crown CU Home > Libraries Home
[x] Close window

Columbia University Libraries Digital Collections: The Real Estate Record

Use your browser's Print function to print these pages.

Real estate record and builders' guide: v. 22, no. 553: October 19, 1878

Real Estate Record page image for page ldpd_7031128_022_00000289

Text version:

Please note: this text may be incomplete. For more information about this OCR, view About OCR text.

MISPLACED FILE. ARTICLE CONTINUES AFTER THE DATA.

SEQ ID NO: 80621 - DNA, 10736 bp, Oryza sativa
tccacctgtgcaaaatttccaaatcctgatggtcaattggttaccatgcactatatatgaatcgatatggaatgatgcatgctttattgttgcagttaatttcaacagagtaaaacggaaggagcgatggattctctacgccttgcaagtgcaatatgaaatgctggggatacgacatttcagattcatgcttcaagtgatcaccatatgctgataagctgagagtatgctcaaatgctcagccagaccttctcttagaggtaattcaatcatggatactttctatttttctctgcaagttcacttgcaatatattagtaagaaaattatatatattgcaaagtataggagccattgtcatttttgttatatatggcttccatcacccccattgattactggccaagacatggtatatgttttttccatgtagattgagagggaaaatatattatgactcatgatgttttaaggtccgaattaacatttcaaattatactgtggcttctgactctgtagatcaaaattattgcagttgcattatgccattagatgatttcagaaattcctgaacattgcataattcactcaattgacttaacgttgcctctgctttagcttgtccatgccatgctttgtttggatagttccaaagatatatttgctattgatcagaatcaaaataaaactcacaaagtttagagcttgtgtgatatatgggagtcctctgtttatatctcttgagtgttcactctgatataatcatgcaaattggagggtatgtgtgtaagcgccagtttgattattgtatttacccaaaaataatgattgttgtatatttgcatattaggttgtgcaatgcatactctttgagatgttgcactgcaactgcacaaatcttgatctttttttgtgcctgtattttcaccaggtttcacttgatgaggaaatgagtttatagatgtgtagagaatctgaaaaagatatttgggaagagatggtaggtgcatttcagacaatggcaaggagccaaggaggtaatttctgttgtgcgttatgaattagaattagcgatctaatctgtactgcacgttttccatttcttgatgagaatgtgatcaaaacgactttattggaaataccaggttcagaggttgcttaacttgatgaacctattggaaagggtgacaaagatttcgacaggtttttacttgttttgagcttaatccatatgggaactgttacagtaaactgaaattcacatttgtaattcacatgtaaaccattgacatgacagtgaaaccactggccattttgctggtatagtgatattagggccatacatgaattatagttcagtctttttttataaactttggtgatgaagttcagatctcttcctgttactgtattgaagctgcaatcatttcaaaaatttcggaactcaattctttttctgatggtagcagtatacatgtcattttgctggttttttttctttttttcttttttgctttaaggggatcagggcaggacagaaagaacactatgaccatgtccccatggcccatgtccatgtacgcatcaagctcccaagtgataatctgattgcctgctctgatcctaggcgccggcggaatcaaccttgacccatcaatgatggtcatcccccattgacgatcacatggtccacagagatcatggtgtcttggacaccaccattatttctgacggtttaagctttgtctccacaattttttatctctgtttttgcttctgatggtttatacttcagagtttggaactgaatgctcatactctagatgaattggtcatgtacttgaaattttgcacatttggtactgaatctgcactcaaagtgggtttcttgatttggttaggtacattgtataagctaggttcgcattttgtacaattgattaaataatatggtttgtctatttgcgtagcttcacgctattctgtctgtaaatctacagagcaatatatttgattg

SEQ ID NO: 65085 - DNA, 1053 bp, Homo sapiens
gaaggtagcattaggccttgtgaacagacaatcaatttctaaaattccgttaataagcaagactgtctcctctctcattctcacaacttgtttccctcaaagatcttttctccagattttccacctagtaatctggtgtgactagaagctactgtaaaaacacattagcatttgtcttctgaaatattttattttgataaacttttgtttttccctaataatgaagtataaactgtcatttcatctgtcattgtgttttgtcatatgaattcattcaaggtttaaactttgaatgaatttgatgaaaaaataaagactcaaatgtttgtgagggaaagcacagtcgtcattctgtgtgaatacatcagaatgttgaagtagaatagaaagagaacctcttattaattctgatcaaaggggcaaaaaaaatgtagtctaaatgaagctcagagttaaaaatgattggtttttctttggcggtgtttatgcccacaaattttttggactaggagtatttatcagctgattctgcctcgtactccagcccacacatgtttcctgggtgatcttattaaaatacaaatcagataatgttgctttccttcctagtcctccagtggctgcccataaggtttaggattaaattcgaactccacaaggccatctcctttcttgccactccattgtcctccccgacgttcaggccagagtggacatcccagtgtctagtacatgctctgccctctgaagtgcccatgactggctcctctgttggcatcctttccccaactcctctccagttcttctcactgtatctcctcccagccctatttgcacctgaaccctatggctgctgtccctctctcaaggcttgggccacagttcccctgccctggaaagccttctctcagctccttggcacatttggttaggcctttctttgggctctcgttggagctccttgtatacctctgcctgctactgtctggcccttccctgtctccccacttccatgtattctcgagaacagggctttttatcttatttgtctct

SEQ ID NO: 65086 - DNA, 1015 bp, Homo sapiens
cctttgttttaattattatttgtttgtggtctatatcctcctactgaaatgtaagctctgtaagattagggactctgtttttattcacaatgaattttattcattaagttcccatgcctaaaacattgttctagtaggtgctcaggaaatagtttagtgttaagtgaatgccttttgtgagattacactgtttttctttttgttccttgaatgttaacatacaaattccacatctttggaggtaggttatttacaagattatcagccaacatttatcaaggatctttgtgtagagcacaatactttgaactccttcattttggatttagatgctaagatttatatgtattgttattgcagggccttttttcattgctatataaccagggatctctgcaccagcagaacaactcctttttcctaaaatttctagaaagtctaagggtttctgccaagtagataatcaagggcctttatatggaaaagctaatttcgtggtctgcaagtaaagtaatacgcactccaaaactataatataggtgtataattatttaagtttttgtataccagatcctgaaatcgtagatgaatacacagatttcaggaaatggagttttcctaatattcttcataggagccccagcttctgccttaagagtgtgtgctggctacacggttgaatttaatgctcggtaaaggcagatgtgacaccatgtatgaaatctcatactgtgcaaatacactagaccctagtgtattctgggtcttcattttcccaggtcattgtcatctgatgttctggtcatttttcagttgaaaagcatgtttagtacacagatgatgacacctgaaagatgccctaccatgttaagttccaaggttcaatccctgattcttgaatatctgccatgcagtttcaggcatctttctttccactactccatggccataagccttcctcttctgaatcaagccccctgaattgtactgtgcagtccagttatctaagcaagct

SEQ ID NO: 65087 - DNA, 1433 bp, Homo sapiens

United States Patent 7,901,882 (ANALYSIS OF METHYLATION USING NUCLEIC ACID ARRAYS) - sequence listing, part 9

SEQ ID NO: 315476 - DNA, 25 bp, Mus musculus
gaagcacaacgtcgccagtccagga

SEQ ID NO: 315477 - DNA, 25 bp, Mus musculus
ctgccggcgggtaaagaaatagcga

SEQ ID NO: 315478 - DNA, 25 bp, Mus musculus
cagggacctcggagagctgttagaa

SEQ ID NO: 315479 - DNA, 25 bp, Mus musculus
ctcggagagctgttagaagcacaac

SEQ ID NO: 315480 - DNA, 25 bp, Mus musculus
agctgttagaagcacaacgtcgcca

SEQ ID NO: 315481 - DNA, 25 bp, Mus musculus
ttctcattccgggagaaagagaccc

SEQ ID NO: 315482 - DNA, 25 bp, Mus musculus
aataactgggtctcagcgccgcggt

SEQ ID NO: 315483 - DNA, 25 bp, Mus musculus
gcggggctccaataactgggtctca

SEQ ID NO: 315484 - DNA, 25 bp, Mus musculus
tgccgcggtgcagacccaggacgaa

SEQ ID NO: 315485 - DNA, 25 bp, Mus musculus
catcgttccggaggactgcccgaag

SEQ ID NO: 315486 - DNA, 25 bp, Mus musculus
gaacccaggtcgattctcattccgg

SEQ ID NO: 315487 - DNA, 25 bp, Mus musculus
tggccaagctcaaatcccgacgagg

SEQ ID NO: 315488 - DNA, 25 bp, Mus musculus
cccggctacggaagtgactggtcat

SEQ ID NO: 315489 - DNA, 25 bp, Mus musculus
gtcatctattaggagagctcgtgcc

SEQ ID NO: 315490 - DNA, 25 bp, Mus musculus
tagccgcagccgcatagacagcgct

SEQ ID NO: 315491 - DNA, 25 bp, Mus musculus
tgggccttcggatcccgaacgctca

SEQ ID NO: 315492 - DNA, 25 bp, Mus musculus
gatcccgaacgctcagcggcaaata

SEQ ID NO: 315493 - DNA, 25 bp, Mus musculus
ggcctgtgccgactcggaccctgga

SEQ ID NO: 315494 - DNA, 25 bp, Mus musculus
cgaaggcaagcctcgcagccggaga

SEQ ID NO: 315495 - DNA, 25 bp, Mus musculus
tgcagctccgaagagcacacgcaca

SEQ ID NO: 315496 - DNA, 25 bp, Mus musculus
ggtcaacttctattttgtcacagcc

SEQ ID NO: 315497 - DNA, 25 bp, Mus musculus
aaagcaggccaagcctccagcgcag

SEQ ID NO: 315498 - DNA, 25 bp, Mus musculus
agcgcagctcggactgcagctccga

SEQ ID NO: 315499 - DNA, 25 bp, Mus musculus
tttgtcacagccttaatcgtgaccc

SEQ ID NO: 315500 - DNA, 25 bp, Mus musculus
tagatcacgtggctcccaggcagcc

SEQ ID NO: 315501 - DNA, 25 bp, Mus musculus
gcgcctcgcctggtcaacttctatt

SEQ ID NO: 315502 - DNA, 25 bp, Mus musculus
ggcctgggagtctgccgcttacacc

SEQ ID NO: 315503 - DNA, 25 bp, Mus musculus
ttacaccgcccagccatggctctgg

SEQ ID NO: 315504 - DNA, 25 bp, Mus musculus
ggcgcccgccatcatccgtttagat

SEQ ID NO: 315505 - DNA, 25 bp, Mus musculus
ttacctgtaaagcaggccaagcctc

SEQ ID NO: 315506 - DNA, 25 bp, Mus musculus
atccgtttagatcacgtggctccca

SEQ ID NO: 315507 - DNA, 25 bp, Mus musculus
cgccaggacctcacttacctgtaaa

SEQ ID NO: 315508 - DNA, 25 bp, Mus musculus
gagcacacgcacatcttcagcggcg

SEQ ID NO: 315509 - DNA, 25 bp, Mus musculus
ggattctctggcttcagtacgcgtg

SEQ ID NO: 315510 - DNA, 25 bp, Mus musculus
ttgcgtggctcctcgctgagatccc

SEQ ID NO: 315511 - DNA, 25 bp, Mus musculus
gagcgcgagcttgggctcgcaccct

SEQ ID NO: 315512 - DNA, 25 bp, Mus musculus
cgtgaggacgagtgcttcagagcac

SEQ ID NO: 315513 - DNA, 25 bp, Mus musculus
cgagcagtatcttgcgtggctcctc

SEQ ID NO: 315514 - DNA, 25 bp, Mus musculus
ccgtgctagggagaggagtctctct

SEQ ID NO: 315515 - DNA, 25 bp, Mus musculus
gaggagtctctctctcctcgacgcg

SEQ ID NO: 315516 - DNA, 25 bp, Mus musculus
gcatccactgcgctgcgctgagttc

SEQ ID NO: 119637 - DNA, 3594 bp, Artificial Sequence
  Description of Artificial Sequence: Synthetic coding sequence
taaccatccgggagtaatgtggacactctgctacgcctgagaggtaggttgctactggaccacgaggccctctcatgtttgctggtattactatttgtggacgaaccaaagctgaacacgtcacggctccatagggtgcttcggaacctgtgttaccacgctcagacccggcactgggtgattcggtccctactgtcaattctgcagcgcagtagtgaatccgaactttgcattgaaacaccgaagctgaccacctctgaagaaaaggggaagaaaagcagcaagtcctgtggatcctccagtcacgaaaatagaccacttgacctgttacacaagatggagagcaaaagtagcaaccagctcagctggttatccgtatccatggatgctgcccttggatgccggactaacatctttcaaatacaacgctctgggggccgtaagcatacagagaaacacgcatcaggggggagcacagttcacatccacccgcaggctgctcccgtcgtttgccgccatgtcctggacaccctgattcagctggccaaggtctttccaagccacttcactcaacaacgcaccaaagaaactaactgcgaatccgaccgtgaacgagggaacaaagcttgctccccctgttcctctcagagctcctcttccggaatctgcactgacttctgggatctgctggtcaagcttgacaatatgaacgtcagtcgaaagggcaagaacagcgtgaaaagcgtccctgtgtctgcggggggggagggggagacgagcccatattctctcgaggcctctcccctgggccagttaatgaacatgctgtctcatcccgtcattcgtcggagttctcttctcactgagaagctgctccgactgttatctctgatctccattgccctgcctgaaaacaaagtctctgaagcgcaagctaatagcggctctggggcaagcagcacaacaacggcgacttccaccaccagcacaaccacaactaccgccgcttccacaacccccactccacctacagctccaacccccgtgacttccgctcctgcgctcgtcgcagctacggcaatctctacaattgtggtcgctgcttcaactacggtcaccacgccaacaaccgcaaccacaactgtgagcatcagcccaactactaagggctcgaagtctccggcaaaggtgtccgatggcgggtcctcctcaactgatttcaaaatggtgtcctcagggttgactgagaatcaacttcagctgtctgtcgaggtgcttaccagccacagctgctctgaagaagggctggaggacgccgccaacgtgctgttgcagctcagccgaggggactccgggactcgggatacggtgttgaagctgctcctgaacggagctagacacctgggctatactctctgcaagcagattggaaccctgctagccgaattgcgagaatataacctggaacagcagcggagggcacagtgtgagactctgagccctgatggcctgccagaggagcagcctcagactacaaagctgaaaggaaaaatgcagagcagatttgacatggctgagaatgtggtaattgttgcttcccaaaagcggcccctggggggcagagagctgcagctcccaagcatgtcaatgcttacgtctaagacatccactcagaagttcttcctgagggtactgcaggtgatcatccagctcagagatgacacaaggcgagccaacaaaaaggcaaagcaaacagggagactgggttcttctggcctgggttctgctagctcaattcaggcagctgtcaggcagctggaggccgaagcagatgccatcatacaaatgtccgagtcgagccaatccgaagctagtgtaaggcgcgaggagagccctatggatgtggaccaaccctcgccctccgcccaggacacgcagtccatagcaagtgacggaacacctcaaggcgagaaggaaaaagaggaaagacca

Real Estate Record AND BUILDERS' GUIDE. YoL. XXII. NEW YOEK, SATÜEDAY, OCTOBEE 19,1878. No. 553. Published Weekly by TERMS. ONE YEAR, in advance....SlO.OO. Communications should be addres.sed to C. W. SWEET. Nos. 345 AXD .^-I? Broadway THE ^ESTHETICS OP BUILDING. " Hang me if I kuow what Desthetic means," is the exclamation of Algie Fairfax, in DIplomacy, and it is shrewdly suspected, and by some confi¬ dently asserted that a majority of the aetive builders of New York eau truthfuUy and un- blushingly appropriate the language of this same confession. There are many buildere no doubt who, while sufflciently acquainted witli the art of building for the common purposes of their trade, have no idea of the science of architecture, and less conception of fche principles of artistic design. A small but distinguished minority of leading builders, have taken the paius to familiarize themselves sufflciently with the principles of dec- orative art to be able not only to understand the verbal signification of aestheMcs, but also to fur¬ nish chaste and creditable exhibitions of their skill as designers. The science of architecture conceras itself about three qualities—utility, strength and beauty. The average builder is apt to consider himself sufflciently accomplished in his profession when he has mastered the principles of the two fli-sfc, depending for the other upou the dictatiou of his professional adviser, or eise upon his own crude and untutored conceptions and the charitable as- Eistance of his subcontractoi-s. The characteristic of the earlier models of firet-class dwellmgs in this city is strength. Later on, as utilifcarian and luxu¬ rious ideas begau to assert themselves, we find private buildmgs are wont to display promi¬ nent and studied features of convenience. Still later, the passion for the costly elaboration of buüding productions, particularly of superior dwellings, swept like a contagion through fche whole building profession from its peers to its subordinate members. Even the plainer struc¬ tures that were erected by speculative builders during the big bonanza days were laden down with cabinet work, plate-glass and exponsively carved fronts, while the cosfcliesfc ones presented spectacles of regal splendor, in prof usion of ap¬ pointment, lavishness of detail aud display of extravagant expense. There are evidenees that this ultra expensive taste has not entirely died away. A review of the building models of the past, and a careful study of more recent ones furnish satisfactory assurances that we have rather to guard against and restrain the excess of Orna¬ ment, than to complain of any dearth or poverty of it; that we must direct our efforts to tUe regu- lation and cultivation, not to the creation of good taste. For the benefit of our less enligbtened readers, we desire to say that the term assthetic is one of the most comprehensive, suggestive and useful thafc has been incorporated into the English lan¬ guage, and owes its derivation to a well-known root of the classic Greek. In its common accep- tation, it denotes the science of good taste. It is the province of this science to develop and main¬ tain the principles of pure taste and of rational decoration, and to repress aud extü-pate exhibi¬ tions of faulty or offensive taste. Decorative art in civil architecture has engaged the study of eminent men whose researches and commentaries constitute the subject matter of many a profound aud elaborate treatise. It has been presented also in rudimentary works, cal¬ culated to interest the novice and furnish Sugges¬ tion and Instruction to the more advanced scholar. The entire subject, in all its applications, is now attracting a large share of attention among the intelligent reading public, being studied as an ac¬ complishment and pastime, and as a praetical aid in household embellishment. There are unmis¬ takable and constantly recurring evidenees that current house seekers are deeply imbued with art enthusiasm and understand so well the principles of decorative art, as to be able to criticise build¬ ing productions from the highest sfcandpoint of refined and cultivated taste. It is incumbent upon aetive and successful builders, and upon those aspiring to take rank as such fco acquaint them¬ selves with the rudiments and Controlling princi¬ ples of this art, either with a view of attaining praetical skill and excellence in the production of designs, or eise for the acquisition of an intelligent appreciation and power of seleetion respecting the designs of others. The builder who has no jBsthetic knowledge or aptitude, is placed at an incalculable disadvantage in pursuing his business. Iu ordinary speculative house building, there is only limited scope for the display of assthetic skill and talent, but the very narro\vness of this limit makes it essential and obligatory that what¬ ever elaboration may be attempted shall be quali¬ fied to bear the test of educated and expert criti¬ cism. "When the builder enters his completed mansion, he should be able to say "All is propor_ tion here and harmony." The science of aesthetics is made upof afew simple elementary principles, to wit: symmetry, harmony aud design. These three qualities blend themselves so interminably together in a complete aesthetic production as to render their analysis and Separation a subtle Operation. It is not within the province of this artiele to discuss aesthetics in general, or to inculcate the precept that all build¬ ers should set out to become great artists. There is a certain measure of education necessary and sufficient to raise a builder above the automaton condition of an unthinking mechanic, and within this measure is included a passing acquaintance with the aesthetics of building. Fof great public works, and for special private mansions the peers aud masters of tbe architect¬ ural profession will always be .sought after for their incomparable skill and their witching and sublime conceptions. Those who are able to com¬ mand the?e valuable and expensive Services will have no need of iustruction or Suggestion firom US. Specidative builders, as a class, are not apt to be so fortunately situated as to readily command the assistance of art experts. They are obliged by the ordinary limitations of their business to confine themselves to such touches of beauty as the employed architect may be able, inexpensive- ly, to introduce into his plans, or such as the build¬ er himself may be able to cull from designs furn¬ ished by leading subcontractors and mechanics. It will be of Signal benefit, however, to the trade and a valuable aecessory to the building improvements of the city, if builders generally would seek to acquaint themselves with the principles and mod¬ els of correct design, or if they will so far cultivate their faculties and tastes as to enable them to combine harmoniously and agreeably the JBsthet- ic features of their buildings. We will briefly and severally allude to some of the opportunities which ordinary house building affords for the cultivation of art. 1. ExTERiOK ElevATION.—Until quite a recent period the whole resthetic pretensions of house building were confined to the front elevation. As the most public and exposed feature of the house, this seemed to call for elaborate and expensive treatment, though in practice it is the one apt to be the least regarded by house buyers. There are stone elevations and door ways in this city which originally cost the builders fully one-flfth or one- quarter of the outlay for the entire building pro¬ duction, and the greater share of this expense was bestowed upon curious sculpture work and tracery. We need not stop to condemn such Superlative folly. The stone fronts so universaily affixed to city dwellings are intended to serve principally as superior profcectors against climatic changes. Ina more tropica] clime these fronts would be preferably made of wood. In equally severe climes, where free stonesare unattainable, brick or lime stone is used. Fashion no less than serviceability here dictates the use of brown stone. The absence of light and shade in our ordinary brown stone fronts renders tha task of decoration a difficult and ungrateful one. In truth extensive omaraentation of fronts is an im- necessary and mistaken labor, besides being ex¬ travagant and costly. The crowding upon the door-way of a house of Standard width or less, a huge portico, columns and heavy balustrades, all designed to illustrate the five different orders of architecture, is an absurdity which has frequent examples in this city. We believe that for ordi¬ nary speculative bidlding, the highest claims of ajsthetics and of populär taste, will be satisfled by the erection of fronts of superior quality, acciutitely set and neatly finished, but with the fewest and simplest enrichments. The idea of giving heavy projecöons to the cornices, sills and lintels is as unnecesaary as it is in practice oppres¬ sive. It should be borne in mind that fine tracery and sculpture on fronts which are exposed to variations of temperature and violence of the ele¬ ments are likely to fray away and become dis- flgured if not permanently and irremedially injured. In the decoration of front elevations, the Canons of correct taste require that all lines should be made severely simple, and that the door-ways should be onpretending and unobtra- sive. The fashion of placing formidable stone or iron railings upon the area coping bas passed into dis-